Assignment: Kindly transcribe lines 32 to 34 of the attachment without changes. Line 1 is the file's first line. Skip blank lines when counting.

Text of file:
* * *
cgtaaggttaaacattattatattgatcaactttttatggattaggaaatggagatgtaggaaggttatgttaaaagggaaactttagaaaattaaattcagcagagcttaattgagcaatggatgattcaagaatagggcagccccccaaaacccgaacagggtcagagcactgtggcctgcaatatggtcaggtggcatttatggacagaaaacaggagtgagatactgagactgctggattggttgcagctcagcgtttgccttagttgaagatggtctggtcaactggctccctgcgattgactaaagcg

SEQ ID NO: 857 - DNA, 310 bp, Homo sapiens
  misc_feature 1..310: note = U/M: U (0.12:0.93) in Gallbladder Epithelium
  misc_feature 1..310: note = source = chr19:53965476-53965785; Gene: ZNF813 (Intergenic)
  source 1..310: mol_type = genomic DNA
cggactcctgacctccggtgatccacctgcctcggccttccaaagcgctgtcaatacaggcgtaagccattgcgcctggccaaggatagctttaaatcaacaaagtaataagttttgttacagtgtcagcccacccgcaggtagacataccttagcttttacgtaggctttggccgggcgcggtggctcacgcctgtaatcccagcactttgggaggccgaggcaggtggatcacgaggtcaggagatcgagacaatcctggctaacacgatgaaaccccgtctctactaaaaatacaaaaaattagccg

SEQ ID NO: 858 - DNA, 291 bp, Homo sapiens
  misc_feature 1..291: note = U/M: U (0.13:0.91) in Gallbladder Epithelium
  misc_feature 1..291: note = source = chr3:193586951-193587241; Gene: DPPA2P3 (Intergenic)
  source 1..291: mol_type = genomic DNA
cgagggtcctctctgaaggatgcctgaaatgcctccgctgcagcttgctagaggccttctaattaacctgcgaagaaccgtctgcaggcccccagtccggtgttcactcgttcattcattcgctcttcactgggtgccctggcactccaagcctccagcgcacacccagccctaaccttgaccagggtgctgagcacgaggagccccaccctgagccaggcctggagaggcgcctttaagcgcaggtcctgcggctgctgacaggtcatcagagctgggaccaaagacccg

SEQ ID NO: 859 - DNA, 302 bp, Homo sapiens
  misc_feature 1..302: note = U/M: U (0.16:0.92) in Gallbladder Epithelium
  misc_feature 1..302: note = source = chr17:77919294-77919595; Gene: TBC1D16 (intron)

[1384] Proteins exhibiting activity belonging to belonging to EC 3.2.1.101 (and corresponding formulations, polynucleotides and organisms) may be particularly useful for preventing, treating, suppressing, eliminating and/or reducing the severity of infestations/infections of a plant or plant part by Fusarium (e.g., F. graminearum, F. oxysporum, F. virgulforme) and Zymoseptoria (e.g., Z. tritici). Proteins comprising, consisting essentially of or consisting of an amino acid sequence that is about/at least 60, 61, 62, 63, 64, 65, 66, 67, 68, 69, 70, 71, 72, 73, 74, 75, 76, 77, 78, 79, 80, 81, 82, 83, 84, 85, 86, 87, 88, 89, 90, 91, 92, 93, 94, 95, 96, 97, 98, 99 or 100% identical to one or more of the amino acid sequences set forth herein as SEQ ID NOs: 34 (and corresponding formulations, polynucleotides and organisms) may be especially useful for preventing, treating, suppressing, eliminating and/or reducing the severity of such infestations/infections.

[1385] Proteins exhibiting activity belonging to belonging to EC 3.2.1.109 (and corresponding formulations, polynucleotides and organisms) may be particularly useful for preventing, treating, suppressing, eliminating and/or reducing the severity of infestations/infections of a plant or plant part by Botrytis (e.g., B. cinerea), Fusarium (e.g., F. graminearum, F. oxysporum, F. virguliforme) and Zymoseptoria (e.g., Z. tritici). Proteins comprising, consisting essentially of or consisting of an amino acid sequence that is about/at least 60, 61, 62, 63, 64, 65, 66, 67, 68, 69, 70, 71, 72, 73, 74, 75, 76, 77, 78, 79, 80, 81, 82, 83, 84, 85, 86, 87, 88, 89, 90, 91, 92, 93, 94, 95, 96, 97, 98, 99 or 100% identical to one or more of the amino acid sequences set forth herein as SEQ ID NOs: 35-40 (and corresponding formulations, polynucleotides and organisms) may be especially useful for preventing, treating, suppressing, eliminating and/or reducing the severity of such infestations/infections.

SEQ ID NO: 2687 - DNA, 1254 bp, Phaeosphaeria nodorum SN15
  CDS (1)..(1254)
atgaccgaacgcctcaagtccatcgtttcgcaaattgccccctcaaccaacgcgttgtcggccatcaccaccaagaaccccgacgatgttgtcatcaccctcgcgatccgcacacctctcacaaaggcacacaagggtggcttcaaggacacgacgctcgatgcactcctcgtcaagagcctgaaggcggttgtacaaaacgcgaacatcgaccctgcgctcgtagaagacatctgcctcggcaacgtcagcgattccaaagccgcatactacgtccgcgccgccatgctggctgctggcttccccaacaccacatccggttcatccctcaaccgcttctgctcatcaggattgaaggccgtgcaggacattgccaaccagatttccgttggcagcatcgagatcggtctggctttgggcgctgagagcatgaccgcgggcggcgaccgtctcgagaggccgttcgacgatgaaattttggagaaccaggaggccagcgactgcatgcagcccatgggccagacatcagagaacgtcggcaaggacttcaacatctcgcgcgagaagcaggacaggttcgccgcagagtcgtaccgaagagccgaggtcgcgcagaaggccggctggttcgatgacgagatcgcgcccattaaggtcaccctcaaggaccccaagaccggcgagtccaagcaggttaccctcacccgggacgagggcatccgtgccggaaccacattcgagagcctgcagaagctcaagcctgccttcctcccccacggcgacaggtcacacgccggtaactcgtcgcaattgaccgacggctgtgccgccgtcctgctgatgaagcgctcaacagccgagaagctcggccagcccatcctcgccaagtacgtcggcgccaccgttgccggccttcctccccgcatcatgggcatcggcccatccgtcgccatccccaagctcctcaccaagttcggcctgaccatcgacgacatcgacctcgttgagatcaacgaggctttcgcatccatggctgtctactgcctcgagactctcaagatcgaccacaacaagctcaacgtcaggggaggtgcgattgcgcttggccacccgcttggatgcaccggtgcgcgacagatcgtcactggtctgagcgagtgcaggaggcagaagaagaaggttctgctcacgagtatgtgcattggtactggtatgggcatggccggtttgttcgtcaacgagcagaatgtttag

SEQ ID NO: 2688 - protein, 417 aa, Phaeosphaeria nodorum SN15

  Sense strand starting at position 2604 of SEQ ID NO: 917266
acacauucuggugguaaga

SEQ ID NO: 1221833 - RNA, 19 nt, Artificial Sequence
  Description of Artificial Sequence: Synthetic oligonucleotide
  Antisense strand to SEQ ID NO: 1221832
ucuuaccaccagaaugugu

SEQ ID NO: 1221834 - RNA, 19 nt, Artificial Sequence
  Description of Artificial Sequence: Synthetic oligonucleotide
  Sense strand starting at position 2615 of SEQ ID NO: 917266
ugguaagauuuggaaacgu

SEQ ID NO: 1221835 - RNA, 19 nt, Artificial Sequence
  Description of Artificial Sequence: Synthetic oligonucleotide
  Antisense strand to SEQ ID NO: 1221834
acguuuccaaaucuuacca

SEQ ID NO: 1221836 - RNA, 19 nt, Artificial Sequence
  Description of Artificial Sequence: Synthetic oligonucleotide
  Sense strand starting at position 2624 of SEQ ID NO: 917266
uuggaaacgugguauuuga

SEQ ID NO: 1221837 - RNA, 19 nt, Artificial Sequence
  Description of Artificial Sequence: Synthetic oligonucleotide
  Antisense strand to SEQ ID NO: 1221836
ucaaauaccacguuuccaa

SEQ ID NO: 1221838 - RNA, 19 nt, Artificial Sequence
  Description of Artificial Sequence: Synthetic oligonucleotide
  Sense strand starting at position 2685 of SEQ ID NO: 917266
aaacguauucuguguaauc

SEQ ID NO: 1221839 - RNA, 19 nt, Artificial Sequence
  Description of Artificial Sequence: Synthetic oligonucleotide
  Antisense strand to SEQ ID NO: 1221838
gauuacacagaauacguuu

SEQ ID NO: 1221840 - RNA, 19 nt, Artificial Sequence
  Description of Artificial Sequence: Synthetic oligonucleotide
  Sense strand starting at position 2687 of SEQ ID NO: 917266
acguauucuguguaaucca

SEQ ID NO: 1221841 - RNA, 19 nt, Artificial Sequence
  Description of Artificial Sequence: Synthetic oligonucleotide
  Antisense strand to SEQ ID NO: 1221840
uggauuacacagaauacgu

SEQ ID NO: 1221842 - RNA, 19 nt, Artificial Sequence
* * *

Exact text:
  Description of Artificial Sequence: Synthetic oligonucleotide
  Antisense strand to SEQ ID NO: 1221834
acguuuccaaaucuuacca